The Night I Became An American

Sunday, March 19th, 2006

Lee Harris describes The Night [He] Became An American:

I became an American when I was forty-nine.

No, I did not become an American after immigrating from another country, passing tests, and taking an oath of loyalty, as millions of other Americans have to become Americans. My people were born here, and as far back as any of them could remember, their people had been born here as well. They were farmers, and like most farmers, they were convinced that they had sprung up from the soil, like corn-stalks. No, I became an American during the course of a conversation that I had on a night train from Innsbruck to fabled Vienna.
After so much musical and literary seriousness, my traveling companion explained to me the litigious history of the famous Sacher Torte, one of Vienna’s miraculous pastry confections. Then, while he was on the subject of food, he looked at me and asked with a laugh: “What do you Americans do when you go to a foreign city? Do you only eat at McDonald’s?”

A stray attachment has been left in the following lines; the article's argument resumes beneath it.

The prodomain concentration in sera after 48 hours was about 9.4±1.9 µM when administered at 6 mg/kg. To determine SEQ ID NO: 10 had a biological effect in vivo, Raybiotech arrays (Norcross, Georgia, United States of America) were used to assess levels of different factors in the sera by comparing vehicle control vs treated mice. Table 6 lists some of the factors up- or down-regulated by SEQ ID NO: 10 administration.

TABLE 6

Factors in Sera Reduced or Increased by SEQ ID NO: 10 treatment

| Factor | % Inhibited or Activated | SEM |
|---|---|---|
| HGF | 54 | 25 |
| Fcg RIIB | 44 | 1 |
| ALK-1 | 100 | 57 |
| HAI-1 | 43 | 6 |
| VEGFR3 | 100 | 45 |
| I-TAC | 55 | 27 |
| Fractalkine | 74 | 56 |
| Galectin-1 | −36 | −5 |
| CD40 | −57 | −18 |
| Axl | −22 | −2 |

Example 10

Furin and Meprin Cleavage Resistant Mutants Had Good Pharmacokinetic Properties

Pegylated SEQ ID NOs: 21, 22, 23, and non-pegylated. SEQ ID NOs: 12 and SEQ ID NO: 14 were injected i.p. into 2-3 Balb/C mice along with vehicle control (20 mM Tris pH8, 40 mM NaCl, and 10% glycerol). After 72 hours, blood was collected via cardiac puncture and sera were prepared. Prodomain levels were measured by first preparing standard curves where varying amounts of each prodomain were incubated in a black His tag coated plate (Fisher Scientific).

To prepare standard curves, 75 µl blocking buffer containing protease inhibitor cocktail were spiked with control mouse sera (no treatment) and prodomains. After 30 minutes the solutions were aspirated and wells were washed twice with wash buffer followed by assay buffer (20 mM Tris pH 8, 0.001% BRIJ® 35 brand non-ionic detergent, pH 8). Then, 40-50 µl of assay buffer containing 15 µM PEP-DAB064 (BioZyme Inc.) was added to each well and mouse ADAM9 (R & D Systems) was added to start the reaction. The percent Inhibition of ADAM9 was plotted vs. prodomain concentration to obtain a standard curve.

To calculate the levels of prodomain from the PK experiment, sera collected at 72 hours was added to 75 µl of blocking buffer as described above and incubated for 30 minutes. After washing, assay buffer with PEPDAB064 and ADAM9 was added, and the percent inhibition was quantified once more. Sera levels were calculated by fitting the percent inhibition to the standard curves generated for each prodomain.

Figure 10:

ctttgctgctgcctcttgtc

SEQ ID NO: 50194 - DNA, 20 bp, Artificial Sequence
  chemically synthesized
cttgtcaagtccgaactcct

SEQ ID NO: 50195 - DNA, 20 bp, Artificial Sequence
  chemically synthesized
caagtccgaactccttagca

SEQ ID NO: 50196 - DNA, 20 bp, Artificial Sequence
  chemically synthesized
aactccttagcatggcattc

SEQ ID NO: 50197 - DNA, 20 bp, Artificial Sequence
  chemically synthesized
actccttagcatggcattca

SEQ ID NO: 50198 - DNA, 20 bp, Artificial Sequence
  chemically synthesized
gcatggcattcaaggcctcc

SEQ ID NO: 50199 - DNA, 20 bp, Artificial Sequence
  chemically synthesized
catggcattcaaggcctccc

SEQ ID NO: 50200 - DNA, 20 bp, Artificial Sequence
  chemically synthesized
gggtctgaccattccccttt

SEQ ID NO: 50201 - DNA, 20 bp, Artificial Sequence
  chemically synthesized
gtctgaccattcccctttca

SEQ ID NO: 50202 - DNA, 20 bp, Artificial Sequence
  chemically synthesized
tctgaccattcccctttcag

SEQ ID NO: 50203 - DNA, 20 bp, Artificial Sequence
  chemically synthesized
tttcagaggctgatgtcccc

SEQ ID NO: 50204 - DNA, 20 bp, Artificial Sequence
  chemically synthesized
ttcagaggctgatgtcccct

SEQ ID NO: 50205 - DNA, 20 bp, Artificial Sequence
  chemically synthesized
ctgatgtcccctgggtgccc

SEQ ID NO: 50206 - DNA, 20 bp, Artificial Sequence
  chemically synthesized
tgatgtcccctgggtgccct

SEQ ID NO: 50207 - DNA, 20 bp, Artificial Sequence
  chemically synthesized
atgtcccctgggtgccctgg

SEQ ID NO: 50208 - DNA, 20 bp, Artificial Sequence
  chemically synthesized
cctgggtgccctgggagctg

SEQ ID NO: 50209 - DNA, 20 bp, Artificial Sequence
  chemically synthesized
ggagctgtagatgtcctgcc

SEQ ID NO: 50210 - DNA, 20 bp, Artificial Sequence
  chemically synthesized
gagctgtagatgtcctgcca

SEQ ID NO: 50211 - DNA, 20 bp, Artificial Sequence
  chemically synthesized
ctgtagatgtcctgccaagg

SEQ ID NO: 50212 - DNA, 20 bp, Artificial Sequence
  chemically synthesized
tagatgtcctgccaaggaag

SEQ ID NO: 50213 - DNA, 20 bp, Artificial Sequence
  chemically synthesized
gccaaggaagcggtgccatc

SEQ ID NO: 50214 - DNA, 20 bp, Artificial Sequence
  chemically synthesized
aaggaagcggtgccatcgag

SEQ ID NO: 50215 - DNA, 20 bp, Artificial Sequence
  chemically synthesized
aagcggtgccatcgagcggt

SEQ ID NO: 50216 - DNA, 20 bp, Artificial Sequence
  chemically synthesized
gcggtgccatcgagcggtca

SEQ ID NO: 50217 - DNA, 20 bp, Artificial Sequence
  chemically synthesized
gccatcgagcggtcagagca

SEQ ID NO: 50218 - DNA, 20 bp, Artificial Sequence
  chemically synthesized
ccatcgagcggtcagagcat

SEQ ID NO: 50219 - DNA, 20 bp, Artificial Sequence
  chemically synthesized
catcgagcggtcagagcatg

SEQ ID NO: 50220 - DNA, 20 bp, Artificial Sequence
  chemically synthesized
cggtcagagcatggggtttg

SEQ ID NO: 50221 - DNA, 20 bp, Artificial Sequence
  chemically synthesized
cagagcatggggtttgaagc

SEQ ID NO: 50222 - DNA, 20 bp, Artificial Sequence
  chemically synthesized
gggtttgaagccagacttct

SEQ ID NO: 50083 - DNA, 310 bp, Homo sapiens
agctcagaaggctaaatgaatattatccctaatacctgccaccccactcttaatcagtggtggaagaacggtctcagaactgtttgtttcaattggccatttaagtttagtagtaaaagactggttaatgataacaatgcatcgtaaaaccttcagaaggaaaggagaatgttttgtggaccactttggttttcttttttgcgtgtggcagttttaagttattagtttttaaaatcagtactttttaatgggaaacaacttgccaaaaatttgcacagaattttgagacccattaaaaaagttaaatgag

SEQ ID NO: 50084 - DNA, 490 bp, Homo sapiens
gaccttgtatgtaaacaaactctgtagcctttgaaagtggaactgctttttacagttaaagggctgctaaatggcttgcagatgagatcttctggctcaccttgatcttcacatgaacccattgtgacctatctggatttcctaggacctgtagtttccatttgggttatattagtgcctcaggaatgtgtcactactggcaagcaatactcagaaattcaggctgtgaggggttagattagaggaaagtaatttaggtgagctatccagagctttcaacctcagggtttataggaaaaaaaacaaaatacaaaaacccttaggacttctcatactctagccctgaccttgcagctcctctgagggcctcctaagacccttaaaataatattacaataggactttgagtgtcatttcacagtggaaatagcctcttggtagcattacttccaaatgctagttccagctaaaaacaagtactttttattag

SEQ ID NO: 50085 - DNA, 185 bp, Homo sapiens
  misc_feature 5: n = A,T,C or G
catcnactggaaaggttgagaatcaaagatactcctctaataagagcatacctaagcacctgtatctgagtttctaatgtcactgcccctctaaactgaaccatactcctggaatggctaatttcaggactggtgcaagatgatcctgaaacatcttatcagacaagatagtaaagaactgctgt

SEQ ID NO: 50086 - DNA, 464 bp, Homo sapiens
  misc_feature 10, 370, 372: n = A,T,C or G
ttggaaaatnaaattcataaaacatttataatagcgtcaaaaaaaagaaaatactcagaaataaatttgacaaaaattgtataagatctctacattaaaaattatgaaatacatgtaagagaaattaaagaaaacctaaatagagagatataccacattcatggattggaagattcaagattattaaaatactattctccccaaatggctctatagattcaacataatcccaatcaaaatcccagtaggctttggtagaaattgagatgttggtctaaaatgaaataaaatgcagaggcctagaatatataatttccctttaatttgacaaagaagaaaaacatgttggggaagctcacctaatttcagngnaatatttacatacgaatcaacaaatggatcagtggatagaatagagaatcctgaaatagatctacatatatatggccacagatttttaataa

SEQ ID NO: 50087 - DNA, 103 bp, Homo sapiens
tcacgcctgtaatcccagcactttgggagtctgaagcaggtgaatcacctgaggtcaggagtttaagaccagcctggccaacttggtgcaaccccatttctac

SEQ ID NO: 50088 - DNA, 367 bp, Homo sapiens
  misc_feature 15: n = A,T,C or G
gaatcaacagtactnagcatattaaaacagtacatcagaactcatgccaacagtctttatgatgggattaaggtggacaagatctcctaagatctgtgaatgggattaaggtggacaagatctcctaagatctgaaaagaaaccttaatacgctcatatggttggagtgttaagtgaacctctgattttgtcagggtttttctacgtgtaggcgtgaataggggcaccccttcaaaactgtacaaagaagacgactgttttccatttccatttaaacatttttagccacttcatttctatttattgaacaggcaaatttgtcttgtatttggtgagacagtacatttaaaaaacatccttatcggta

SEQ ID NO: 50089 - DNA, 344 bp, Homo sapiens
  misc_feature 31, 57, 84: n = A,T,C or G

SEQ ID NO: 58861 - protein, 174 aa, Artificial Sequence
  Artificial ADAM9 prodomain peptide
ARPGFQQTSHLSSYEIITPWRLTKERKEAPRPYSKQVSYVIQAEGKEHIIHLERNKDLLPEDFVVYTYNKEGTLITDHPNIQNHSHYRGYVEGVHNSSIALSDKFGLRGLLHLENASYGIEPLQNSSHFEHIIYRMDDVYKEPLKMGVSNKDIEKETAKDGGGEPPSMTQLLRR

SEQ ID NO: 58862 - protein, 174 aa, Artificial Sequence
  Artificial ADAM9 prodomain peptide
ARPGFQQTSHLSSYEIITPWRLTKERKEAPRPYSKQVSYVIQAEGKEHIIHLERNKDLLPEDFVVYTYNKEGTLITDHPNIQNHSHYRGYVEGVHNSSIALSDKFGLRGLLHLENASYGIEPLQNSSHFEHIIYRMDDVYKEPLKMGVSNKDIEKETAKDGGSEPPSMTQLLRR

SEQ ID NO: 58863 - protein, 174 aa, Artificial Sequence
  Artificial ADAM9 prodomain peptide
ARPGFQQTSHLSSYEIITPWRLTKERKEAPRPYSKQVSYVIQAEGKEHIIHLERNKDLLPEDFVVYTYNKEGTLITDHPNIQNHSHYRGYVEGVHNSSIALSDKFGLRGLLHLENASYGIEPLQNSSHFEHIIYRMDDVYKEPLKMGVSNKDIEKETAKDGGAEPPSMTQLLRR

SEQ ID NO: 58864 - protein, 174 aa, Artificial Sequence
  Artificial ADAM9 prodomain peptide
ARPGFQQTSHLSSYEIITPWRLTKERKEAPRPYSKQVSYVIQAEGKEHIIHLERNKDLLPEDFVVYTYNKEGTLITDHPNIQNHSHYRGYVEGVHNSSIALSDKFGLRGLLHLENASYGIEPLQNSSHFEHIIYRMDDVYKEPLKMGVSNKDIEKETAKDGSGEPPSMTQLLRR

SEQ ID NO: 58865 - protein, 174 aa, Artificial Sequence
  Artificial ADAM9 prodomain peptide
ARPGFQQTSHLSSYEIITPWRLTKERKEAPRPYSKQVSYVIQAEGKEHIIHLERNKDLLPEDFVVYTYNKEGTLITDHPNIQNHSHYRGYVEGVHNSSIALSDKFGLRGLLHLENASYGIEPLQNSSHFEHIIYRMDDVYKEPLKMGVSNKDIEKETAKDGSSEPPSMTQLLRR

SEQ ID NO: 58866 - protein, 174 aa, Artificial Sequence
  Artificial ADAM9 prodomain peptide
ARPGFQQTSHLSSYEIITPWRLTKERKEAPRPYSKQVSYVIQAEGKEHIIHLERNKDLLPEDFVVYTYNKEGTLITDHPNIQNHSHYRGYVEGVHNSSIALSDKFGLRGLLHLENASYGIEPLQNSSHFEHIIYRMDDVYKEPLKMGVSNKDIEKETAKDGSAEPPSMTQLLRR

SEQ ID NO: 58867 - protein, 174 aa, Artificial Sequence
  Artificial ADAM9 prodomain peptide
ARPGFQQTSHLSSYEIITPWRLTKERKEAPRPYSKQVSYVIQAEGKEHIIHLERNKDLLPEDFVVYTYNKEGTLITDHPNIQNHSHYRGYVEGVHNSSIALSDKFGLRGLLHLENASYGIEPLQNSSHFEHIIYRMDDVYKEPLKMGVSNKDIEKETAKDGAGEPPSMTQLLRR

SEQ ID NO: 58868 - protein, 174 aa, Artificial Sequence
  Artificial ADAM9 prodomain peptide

The laugh had a mocking and smugly superior edge to it; and, like the question itself, it disconcerted and befuddled me. Being a good American, I expected him to break out into a grin and say something like the German equivalent of, “Oh, I’m just joshing you.” But he didn’t. It was embarrassingly obvious that he was quite sincere. After all, where else would we Americans eat in a foreign land except McDonald’s? Isn’t that all we eat at home?

Suddenly I realized that to my young Austrian companion, it made no difference whether I knew Bruckner’s symphonies backwards and forwards; it mattered not in the slightest that I could appreciate the poetry of Grillparzer in the original German. I was an American, and, therefore, I had to be the kind of person who, when in a strange land, would make a bee-line to the closest McDonald’s, out of fear of tasting the food of foreigners.

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